The E-Tracer, made by X-Tracer Team Switzerland from Winterthur, Switzerland, reached the greatest fuel economy in the Progressive Automotive X Prize competition, achieving more then 200 MPGe.
The X Prize Foundation and Progressive Insurance awarded $10 million on Sept. 16 to three teams that won the Progressive Automotive X Prize.
Edison2, from Charlottesville, Va., claimed half of the prize purse by winning the “mainstream” class with its “Very Light Car,” a four-wheeled, aerodynamic vehicle that runs on E85 (a blend of 85 percent ethanol and 15 percent gasoline) and seats four. The vehicle achieved the energy equivalent of 102.5 miles per gallon of gasoline (MPGe). It also achieved the lowest drag coefficient of any car with four wheels ever tested at Chrysler Proving Grounds, and it lived up to its name with a curb weight of only 830 pounds.
Earning a $2.5 million prize with a win in the “alternative side-by-side” class, the “Wave II” from Li-ion Motors Corp. of Mooresville, N.C., is an all-electric car powered by lithium-ion batteries. It seats two people, side-by-side. The car achieved 187 MPGe and demonstrated a driving range of more than 100 miles. Its distinctive look features an aerodynamic body that encloses all four wheels.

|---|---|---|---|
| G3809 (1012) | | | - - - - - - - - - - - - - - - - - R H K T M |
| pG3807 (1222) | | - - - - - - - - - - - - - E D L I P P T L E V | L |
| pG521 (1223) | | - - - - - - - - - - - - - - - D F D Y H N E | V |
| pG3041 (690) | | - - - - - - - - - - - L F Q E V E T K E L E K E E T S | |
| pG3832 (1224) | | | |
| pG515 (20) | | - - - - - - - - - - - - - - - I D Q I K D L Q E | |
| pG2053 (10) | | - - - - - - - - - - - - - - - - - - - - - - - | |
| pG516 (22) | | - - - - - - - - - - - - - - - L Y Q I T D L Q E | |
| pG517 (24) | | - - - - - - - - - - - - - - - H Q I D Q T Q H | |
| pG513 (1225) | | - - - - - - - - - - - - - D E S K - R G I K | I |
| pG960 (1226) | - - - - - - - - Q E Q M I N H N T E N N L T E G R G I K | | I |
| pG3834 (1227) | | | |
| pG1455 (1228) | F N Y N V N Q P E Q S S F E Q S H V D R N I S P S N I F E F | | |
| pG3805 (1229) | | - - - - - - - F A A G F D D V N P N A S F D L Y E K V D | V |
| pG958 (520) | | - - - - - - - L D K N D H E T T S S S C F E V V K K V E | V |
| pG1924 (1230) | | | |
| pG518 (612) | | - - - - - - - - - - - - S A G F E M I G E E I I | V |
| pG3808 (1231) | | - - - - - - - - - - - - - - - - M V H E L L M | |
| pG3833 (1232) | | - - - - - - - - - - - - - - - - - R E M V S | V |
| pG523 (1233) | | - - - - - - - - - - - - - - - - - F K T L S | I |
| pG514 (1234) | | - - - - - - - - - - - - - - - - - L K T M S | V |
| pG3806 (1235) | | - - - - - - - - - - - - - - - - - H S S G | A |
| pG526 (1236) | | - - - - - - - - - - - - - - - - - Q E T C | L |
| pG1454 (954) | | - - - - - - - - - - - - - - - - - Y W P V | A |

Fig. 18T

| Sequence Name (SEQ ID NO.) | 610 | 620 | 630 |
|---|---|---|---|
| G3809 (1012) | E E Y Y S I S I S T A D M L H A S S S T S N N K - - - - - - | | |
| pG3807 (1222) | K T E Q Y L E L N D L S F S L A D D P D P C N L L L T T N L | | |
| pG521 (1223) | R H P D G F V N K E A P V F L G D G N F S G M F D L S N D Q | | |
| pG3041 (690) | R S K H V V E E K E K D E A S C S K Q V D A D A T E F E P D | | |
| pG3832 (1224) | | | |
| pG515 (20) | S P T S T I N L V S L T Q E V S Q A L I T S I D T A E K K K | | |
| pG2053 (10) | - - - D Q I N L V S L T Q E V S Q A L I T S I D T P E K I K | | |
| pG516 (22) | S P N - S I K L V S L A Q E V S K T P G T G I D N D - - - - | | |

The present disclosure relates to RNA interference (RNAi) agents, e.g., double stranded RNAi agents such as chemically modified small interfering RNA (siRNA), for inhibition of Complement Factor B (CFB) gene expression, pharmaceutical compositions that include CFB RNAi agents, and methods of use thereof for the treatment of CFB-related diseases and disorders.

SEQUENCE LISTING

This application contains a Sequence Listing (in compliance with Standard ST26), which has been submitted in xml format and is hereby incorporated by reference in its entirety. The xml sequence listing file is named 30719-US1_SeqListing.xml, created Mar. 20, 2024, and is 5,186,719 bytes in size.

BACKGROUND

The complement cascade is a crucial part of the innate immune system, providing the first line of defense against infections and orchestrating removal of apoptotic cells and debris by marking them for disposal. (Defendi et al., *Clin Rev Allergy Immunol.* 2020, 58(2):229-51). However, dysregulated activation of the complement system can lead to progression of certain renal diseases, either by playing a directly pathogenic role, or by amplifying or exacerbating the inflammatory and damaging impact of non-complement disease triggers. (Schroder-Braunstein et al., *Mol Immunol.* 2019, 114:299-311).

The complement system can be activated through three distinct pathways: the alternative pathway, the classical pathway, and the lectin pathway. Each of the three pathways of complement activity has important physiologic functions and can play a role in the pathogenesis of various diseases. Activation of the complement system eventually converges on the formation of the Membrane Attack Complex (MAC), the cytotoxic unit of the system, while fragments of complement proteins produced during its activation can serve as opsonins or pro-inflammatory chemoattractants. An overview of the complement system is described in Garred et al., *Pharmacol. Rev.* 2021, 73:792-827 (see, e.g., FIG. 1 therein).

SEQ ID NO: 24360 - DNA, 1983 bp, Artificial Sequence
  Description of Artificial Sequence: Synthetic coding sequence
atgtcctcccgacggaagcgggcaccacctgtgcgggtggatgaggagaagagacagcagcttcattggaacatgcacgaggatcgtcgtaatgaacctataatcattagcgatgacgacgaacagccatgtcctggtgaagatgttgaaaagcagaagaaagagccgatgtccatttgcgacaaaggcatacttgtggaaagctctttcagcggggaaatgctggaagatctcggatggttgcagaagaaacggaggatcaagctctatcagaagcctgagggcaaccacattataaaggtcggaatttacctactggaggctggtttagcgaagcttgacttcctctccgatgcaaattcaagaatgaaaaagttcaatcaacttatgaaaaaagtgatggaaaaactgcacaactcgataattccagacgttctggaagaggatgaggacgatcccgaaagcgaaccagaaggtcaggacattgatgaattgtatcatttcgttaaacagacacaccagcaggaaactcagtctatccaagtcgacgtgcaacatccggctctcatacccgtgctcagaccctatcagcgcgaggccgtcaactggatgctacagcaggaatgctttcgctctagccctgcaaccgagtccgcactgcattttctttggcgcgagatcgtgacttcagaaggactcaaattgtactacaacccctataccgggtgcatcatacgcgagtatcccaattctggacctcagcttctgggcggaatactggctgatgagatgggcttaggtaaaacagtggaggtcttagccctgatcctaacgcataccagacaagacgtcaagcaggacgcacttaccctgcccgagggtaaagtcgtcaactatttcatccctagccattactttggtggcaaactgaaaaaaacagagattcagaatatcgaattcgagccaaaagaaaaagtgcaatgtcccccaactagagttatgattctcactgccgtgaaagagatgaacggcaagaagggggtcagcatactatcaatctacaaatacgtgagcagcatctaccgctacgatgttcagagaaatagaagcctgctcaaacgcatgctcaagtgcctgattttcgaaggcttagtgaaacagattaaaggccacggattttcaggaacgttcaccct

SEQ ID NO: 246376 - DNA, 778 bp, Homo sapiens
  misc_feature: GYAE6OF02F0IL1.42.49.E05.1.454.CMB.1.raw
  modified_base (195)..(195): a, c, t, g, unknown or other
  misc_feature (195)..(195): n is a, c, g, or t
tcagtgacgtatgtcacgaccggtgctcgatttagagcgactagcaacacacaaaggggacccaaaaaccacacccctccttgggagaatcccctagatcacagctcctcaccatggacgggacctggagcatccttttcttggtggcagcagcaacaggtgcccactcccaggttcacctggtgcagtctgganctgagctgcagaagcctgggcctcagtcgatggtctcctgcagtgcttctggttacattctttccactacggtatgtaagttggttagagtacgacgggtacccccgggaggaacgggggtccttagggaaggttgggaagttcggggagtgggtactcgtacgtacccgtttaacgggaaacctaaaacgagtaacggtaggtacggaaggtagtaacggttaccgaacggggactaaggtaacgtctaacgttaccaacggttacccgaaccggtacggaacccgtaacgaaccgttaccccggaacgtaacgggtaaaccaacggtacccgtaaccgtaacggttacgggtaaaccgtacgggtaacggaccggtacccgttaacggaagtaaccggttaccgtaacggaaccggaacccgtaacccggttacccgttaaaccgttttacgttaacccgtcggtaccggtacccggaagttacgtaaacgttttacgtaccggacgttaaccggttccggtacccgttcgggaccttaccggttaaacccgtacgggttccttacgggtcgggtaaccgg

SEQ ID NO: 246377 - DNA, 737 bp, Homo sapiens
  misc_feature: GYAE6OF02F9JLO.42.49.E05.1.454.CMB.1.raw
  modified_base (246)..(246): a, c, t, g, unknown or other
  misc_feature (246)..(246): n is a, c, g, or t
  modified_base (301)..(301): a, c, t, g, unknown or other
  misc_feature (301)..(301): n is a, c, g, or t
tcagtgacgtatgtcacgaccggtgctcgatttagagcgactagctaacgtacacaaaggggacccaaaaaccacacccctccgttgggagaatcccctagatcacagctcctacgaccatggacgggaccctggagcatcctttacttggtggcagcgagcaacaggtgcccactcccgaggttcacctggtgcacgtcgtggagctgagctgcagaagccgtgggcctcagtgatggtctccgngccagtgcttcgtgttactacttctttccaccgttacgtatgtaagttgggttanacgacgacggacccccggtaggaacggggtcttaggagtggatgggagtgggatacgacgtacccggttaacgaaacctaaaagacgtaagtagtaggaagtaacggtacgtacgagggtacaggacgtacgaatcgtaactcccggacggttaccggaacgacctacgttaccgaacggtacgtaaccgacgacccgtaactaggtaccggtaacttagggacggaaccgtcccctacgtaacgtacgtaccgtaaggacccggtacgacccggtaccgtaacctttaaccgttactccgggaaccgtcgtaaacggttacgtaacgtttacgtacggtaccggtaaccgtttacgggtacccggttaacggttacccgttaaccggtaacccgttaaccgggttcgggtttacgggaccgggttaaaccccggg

The remaining $2.5 million was awarded to X-Tracer Team Switzerland from Winterthur, Switzerland, which won the “alternative tandem” class with the E-Tracer, essentially an enclosed, all-electric motorcycle that deploys two extra outrigger wheels at low speeds to stabilize the vehicle. The E-Tracer achieved more than 200 MPGe, the greatest fuel economy reached in the competition. Its range exceeds 100 miles.
The U.S. Department of Energy (DOE) was heavily involved in the Progressive Automotive X Prize, providing $9 million in grants to support education, outreach and technical operations related to the competition. For the final stage of the competition, the DOE’s Argonne National Laboratory performed dynamometer tests under controlled laboratory conditions to verify each vehicle’s performance.
Reprinted from EERE Network News, a free newsletter from the U.S. Department of Energy.